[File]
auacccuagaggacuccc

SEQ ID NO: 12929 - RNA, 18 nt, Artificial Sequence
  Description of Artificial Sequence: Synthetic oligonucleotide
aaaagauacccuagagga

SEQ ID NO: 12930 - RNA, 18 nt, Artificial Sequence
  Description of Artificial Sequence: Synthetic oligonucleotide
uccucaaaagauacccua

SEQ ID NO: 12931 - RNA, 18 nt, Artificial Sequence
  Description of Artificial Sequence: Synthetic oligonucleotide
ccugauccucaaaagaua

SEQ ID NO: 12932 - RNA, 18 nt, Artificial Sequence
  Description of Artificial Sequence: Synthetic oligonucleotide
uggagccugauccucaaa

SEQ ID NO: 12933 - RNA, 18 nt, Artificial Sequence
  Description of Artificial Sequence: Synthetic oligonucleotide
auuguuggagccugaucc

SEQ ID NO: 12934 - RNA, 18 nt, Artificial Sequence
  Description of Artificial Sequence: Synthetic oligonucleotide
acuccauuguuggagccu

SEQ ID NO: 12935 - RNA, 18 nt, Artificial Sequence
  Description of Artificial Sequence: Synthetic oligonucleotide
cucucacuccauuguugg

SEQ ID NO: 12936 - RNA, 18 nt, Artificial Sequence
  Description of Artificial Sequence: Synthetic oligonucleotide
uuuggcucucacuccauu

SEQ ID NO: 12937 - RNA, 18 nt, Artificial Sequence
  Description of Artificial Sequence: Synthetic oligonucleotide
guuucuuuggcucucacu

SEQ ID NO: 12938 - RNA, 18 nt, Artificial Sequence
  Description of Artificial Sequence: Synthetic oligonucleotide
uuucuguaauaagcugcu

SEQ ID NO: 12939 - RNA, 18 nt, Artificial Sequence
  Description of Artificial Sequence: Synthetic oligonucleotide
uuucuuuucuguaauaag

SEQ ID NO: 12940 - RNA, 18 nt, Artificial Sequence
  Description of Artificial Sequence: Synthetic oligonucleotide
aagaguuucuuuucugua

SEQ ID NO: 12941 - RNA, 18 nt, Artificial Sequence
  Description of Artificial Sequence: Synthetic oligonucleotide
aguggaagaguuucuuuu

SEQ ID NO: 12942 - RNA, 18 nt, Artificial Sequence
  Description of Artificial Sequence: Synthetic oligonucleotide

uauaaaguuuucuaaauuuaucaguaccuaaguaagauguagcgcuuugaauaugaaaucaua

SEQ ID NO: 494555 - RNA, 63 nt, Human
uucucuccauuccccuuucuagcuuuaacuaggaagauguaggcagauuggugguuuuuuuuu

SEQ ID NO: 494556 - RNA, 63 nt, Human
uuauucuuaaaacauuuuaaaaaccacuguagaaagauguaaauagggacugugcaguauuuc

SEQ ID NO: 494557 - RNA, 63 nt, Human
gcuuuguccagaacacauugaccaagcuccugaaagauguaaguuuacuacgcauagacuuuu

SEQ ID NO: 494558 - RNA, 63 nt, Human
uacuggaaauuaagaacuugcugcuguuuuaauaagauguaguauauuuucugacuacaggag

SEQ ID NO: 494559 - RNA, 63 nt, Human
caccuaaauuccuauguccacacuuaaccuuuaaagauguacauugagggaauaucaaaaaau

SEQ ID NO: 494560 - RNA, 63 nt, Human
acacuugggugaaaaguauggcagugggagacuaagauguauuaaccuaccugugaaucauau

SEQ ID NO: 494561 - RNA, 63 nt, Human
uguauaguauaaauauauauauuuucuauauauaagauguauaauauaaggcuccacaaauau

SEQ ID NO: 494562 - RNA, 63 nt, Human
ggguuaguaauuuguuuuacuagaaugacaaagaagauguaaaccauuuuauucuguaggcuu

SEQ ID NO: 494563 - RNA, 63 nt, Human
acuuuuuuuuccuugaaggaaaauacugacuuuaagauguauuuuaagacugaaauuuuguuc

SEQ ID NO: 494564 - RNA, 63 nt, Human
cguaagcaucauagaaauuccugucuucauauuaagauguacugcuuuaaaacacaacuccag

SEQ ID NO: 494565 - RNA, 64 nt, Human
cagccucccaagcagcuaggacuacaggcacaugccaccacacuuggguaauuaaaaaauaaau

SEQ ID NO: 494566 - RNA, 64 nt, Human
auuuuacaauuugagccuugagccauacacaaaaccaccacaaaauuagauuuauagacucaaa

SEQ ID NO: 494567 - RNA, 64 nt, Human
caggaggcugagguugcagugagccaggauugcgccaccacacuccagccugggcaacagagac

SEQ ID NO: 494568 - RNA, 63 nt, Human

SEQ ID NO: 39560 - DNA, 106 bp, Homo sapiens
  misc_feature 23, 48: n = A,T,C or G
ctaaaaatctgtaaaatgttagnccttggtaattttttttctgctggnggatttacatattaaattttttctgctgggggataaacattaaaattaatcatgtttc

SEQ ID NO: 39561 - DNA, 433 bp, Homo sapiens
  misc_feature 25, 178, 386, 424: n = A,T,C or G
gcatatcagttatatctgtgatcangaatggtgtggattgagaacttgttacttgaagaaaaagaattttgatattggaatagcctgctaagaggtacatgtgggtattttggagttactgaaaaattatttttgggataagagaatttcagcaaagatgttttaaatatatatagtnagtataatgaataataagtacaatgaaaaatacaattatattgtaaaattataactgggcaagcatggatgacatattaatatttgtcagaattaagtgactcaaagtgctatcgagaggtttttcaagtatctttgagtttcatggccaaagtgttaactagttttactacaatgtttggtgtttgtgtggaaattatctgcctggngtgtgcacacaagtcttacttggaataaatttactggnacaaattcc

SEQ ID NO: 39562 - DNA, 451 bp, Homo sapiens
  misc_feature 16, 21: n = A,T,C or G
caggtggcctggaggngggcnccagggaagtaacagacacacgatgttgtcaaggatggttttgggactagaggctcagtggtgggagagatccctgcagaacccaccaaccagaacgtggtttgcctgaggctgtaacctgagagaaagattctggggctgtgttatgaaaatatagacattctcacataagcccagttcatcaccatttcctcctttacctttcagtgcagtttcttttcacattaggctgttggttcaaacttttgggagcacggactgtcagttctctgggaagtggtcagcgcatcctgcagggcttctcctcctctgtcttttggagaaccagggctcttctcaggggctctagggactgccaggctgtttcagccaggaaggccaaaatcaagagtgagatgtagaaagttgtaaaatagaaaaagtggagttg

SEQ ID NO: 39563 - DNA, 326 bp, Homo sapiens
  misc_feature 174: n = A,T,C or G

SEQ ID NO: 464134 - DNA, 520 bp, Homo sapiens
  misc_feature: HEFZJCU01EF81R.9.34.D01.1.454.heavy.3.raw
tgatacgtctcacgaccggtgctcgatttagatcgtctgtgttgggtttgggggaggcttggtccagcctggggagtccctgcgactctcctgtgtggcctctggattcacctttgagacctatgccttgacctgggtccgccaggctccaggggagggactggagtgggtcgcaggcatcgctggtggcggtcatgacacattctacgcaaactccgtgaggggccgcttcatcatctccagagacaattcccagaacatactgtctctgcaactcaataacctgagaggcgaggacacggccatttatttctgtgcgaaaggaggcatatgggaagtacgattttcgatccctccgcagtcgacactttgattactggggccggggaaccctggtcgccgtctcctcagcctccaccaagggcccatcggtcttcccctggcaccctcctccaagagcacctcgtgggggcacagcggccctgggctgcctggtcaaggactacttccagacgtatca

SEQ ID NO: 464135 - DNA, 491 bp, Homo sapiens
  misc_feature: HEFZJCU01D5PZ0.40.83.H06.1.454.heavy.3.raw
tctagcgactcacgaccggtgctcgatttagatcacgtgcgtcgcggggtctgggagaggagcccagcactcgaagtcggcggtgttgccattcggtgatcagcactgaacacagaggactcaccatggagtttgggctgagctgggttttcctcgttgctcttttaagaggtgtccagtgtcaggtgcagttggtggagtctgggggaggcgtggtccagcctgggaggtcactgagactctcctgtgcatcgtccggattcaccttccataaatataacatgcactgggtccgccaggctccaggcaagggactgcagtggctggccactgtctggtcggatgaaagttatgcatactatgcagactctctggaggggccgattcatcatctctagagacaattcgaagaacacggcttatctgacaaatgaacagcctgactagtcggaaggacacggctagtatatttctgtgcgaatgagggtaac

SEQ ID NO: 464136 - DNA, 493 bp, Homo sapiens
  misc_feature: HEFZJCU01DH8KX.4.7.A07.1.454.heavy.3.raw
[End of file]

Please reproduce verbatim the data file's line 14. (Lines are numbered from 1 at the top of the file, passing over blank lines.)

SEQ ID NO: 12933 - RNA, 18 nt, Artificial Sequence